Sunday, December 18, 2011
Ever wish you could remain a teenager forever? Archie Andrews did!
This month marks the 70th Anniversary of Archie and his Pals and Gals and the whole line of Archie Comics. Making his first appearance in Pep Comics #22, Archie, Betty and Jughead were around thirteen years old when they first appeared but by the time "Archie Comics #1" would hit the newsstands a year later the gang would be around sixteen as we know them today.
Archie and his Friends have lasted almost as long as the super-hero genre that dominates the the comic book industry. Even though these characters never grow old, they do change with the times and that makes them as popular today as they were with your parents.
To think that the gang from Riverdale High School lived through the Big Band Era, Rock and Roll, Psychedelic Music, Disco, New Wave, Punk, Grunge, Hip-Hop and on and on.
And not to mention Radio (which Archie had a successful series that lasted for ten years), Television (with numerous successful animated series) Film, Internet, etc.
And let's not forget the very successful rock group (spun off of the Animated TV series of the 60's) "The Archies"with their number #1 smash, "Sugar, Sugar".
Archie Comics and IDW Publishing are putting out some wonderful books celebrating these great characters and the people who have worked on these comics. I suggest you check them out, they are GREAT reading.
Happy 70 Years to Archie and his Friends, and especially my favorite member of the gang Jughead.
Sunday, November 20, 2011
This month marks the 50 anniversary of the First Family of Super-heroes, Marvel's Fantastic Four.
In the first issue we were introduced to Reed Richards, the stretchable Mr. Fantastic, his girl friend Susan Storm, who became the Invisible Girl. We also meet Sue's hot-headed little brother Johnny who becomes The Human Torch and of course Ben Grimm, The Everlovin' rockbound Thing. These four individuals, changed by Cosmic Rays set the stage for Marvel's revolutionary comics that would change super-hero comics forever!
Stan Lee and Jack Kirby gave the world super-heroes who acted like you and me and just because they had extraordinary powers didn't mean they didn't ordinary problems.
In the few years that followed, Stan and Jack (and a whole other stable of talented writers and artists) gave us a brand new universe that looked familiar but was populated with Marvels that protected our world. And the special part of these Marvels (and who they were as individuals) is that they could be you or me.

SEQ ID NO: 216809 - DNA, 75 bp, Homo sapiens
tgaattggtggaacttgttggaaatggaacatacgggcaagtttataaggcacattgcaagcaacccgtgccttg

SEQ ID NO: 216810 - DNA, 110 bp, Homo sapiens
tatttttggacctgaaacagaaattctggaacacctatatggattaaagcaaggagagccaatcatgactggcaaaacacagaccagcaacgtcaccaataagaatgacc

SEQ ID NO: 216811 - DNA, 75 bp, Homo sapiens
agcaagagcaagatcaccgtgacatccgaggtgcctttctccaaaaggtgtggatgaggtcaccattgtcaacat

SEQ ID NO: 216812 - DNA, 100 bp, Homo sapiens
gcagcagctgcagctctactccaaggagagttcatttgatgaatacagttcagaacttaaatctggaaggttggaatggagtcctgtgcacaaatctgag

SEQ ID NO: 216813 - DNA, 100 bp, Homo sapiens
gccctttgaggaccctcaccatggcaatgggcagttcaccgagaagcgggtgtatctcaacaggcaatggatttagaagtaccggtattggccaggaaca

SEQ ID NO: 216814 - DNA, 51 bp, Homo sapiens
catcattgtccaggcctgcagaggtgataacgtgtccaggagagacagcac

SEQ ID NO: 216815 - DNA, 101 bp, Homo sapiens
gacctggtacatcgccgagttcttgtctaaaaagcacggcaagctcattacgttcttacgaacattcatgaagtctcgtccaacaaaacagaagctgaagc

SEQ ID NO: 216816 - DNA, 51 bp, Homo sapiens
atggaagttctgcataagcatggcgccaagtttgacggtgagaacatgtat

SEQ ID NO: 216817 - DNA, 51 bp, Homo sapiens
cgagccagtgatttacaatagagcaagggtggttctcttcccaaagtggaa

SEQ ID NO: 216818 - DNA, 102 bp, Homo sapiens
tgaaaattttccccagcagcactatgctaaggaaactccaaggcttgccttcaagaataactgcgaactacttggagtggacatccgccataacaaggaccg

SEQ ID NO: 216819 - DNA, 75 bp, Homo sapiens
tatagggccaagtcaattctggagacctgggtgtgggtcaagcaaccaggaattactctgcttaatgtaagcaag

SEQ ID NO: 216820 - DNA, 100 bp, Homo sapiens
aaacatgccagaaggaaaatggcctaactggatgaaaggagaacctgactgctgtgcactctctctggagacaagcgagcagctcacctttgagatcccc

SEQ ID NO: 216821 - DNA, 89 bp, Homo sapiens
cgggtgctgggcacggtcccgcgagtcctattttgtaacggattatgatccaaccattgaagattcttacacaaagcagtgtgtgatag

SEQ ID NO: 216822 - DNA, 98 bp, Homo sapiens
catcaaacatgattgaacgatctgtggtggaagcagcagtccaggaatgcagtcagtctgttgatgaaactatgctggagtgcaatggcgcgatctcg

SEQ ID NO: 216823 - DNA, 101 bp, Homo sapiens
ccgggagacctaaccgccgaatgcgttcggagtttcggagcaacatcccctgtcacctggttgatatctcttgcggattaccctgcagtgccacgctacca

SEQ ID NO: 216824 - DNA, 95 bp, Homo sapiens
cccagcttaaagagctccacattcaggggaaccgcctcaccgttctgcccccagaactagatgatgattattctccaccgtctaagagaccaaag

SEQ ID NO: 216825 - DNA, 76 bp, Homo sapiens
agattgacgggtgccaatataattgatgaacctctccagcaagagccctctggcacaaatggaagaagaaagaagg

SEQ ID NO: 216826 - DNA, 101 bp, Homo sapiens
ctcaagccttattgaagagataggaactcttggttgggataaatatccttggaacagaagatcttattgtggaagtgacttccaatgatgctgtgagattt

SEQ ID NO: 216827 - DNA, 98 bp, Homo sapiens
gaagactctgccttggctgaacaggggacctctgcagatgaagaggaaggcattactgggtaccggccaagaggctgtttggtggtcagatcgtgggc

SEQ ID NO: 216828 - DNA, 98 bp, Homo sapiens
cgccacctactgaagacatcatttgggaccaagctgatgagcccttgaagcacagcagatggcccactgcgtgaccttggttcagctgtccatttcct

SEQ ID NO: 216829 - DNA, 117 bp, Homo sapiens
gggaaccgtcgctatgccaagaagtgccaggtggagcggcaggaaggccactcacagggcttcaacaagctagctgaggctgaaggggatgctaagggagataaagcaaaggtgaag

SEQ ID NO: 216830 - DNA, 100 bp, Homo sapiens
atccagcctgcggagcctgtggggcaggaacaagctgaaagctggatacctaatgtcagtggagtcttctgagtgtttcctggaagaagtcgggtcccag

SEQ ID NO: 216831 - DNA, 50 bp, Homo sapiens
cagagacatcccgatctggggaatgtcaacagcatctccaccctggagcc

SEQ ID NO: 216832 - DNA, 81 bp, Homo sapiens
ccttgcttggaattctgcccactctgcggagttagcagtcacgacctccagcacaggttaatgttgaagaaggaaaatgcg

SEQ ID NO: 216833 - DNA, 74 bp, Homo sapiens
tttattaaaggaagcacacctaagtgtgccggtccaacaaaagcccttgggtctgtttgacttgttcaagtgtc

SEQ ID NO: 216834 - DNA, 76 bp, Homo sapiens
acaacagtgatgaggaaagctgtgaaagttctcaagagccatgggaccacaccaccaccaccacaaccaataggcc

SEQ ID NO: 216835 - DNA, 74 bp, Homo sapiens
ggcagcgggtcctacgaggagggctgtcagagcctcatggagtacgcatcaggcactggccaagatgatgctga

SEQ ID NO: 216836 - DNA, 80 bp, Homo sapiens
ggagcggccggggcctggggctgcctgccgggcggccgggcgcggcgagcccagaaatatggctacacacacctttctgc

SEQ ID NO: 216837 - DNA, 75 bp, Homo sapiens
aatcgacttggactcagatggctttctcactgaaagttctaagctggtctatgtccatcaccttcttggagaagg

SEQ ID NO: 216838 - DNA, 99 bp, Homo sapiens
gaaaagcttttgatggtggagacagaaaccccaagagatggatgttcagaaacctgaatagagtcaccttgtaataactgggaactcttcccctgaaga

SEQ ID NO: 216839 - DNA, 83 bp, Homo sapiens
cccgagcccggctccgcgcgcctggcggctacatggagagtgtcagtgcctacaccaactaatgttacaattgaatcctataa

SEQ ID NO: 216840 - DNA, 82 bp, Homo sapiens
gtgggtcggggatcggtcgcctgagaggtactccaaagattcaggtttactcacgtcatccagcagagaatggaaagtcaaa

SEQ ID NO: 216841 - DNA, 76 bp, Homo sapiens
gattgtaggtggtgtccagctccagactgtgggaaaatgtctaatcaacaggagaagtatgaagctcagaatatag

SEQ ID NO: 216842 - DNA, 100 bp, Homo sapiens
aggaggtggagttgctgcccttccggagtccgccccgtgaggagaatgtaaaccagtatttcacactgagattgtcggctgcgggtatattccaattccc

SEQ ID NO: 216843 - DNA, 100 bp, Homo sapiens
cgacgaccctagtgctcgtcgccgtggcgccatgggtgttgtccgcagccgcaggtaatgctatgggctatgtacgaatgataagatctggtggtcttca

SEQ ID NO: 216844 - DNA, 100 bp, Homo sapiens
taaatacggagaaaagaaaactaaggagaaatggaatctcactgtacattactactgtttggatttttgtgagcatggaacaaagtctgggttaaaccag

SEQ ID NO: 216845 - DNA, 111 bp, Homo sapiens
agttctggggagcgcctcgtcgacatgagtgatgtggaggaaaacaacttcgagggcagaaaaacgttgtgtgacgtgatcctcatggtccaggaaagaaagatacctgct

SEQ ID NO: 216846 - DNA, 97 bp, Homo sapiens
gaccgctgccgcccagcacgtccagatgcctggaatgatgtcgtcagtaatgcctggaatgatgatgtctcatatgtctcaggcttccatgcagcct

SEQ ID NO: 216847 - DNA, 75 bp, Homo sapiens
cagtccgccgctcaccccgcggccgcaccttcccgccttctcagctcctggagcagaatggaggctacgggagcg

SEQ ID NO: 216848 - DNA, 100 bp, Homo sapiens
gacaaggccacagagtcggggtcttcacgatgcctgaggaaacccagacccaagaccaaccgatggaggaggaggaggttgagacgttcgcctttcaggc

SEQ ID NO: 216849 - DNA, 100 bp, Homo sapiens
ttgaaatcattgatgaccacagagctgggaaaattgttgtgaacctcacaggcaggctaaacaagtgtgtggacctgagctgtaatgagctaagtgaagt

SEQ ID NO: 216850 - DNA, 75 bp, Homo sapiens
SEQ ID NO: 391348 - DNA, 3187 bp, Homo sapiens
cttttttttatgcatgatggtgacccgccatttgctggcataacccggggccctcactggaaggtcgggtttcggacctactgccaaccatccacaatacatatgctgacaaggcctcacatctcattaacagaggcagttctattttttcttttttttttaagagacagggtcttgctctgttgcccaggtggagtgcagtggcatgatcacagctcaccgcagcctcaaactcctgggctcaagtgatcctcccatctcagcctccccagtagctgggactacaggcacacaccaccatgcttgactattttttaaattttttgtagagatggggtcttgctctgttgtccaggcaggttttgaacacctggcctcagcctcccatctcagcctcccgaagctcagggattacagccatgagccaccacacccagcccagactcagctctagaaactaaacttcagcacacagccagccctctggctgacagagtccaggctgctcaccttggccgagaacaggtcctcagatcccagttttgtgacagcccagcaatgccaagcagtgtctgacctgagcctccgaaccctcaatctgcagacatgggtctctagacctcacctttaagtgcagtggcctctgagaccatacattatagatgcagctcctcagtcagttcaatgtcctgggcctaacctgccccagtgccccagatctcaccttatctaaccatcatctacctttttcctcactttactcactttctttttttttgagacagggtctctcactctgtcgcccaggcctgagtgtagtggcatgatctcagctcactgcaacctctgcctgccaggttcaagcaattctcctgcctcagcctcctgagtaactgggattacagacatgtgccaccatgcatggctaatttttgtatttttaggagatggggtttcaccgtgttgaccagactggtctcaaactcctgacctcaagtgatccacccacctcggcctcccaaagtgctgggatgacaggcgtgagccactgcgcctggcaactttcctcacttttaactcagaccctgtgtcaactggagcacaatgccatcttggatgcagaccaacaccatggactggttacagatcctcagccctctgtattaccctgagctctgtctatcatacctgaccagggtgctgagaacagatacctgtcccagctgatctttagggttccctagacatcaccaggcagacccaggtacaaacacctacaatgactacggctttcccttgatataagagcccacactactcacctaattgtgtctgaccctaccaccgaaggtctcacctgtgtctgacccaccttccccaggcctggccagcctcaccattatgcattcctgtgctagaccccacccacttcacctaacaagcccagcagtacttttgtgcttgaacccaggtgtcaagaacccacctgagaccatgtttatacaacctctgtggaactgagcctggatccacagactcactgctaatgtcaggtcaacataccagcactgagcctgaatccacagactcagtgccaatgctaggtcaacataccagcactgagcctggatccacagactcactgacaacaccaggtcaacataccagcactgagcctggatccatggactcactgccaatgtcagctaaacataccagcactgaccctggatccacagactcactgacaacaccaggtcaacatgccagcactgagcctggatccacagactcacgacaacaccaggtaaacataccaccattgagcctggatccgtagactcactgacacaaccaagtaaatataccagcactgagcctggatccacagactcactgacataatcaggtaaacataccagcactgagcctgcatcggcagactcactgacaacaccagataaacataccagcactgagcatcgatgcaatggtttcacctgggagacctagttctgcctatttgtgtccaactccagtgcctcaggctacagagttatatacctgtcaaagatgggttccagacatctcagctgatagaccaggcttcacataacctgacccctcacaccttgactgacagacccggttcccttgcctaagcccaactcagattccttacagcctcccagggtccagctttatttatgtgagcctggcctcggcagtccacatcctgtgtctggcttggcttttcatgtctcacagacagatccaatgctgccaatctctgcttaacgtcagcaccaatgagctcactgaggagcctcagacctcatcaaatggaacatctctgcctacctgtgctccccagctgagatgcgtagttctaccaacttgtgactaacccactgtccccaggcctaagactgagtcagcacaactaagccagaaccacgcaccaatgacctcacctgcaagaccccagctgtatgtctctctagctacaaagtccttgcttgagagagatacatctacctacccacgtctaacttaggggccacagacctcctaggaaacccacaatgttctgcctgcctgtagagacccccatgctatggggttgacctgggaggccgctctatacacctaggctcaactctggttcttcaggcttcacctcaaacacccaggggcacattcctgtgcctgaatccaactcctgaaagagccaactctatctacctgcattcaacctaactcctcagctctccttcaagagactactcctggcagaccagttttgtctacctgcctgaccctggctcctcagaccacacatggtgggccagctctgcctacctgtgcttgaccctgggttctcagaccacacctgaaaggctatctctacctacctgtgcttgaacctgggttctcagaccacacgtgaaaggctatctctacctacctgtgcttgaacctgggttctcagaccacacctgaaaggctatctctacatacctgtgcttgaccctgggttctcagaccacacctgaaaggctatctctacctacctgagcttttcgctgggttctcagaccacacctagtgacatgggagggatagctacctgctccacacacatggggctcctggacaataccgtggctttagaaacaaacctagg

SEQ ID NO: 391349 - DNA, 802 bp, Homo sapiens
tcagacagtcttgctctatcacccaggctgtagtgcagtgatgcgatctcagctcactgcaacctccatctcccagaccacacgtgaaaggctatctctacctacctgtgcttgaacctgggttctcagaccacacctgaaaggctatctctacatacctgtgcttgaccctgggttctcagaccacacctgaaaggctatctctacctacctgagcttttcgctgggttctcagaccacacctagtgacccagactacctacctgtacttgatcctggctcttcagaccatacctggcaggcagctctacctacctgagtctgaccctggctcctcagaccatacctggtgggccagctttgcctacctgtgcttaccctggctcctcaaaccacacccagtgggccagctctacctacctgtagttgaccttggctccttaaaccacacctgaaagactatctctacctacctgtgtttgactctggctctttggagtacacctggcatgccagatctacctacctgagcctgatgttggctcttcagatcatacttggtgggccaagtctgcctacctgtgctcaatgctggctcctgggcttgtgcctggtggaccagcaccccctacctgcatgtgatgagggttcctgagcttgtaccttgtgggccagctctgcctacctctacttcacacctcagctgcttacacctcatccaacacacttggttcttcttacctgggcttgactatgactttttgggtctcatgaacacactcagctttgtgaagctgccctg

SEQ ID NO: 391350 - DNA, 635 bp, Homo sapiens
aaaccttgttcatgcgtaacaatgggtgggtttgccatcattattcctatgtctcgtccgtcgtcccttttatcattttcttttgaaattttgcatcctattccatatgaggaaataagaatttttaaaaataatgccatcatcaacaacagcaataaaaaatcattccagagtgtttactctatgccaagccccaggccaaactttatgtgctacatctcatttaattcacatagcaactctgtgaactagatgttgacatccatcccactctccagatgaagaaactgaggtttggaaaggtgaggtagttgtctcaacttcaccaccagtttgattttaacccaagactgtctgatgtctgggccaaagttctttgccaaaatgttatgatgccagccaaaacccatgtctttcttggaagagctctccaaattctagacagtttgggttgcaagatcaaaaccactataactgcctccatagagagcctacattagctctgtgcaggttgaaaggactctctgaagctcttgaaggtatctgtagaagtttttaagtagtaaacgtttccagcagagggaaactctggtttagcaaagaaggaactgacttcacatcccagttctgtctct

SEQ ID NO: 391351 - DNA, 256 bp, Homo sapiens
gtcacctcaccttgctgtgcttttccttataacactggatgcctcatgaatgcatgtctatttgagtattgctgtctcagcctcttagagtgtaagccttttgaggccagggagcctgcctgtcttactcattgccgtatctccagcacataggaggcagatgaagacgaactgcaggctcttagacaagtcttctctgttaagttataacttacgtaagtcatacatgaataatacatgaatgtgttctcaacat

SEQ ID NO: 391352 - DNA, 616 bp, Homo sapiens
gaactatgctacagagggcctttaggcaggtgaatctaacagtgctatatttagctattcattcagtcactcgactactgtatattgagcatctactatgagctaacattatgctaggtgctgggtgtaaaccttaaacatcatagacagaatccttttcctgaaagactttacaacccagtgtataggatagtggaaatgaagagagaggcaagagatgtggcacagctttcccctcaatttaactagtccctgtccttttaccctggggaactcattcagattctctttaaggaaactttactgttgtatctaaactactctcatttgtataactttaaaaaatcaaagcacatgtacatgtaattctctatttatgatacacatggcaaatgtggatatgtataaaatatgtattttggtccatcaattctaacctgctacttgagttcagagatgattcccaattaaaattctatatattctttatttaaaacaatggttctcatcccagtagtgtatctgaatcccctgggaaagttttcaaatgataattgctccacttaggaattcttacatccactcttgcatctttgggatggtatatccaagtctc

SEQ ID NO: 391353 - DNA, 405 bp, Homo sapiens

I love the Fantastic Four and even though they only exist in the "Funny Books", I feel close to these characters because they are so real and that I could be a part of their family in some small way. The Fantastic Four ARE a Family first and a team of heroes second. THAT'S what makes them special.
Or should I say "Marvelous"?
NAH! Make that FANTASTIC!
Monday, August 22, 2011
This month marks the 70th Anniversary of the first appearance of Plastic Man in Police Comics #1.
Created by Jack Cole, Plas was former small time hood Eel O'Brian who during a heist was shot and bathed in experimental acid. O'Brian fled into the woods and passed out only to awaken days later in a monastery. The monks who lived there had treated the Eel's wounds and brought him back to life.
While recouperating O'Brian discovered that the strange acid had affected his body and he could now strecth his body great lengths and change into different shapes.
Being moved by the kindly monks unselfish act, O'Brain swore to use his new incredible powers to fight crime and make up for his past misdeeds.
Eel O'Brian was no more and so was born the strechable super-hero, Plastic Man!
Plas was created by Jack Cole who had a background in gag cartooning and used this talent and his great sense of comic timing to tell the hilarious tales of Plastic Man's fight against crime.
Cole's run on Plas is one of the great highlights of the Golden Age of Comic Books and have been reprinted in the DC Comics Archive series of books. I highly reccommend them.
Plas is still going strong today. He is a member of the Justice League of America and has been recently featured in the Batman The Brave and the Bold animated series on Cartoon Network.
I love Plas and he is one of my favorite super-heroes. Anytime I want a fun and entertaining read, I pick up a Plastic Man Comic Book and enjoy the ride.
Happy Birthday, Plas!!!
Saturday, June 11, 2011
Thursday, March 17, 2011
Wednesday, March 16, 2011
Saturday, March 12, 2011
This one page "gag" is from the current run of the "Looney Tunes" comic book #89. It was published around the time in the aftermath of the attacks on 9-11-01.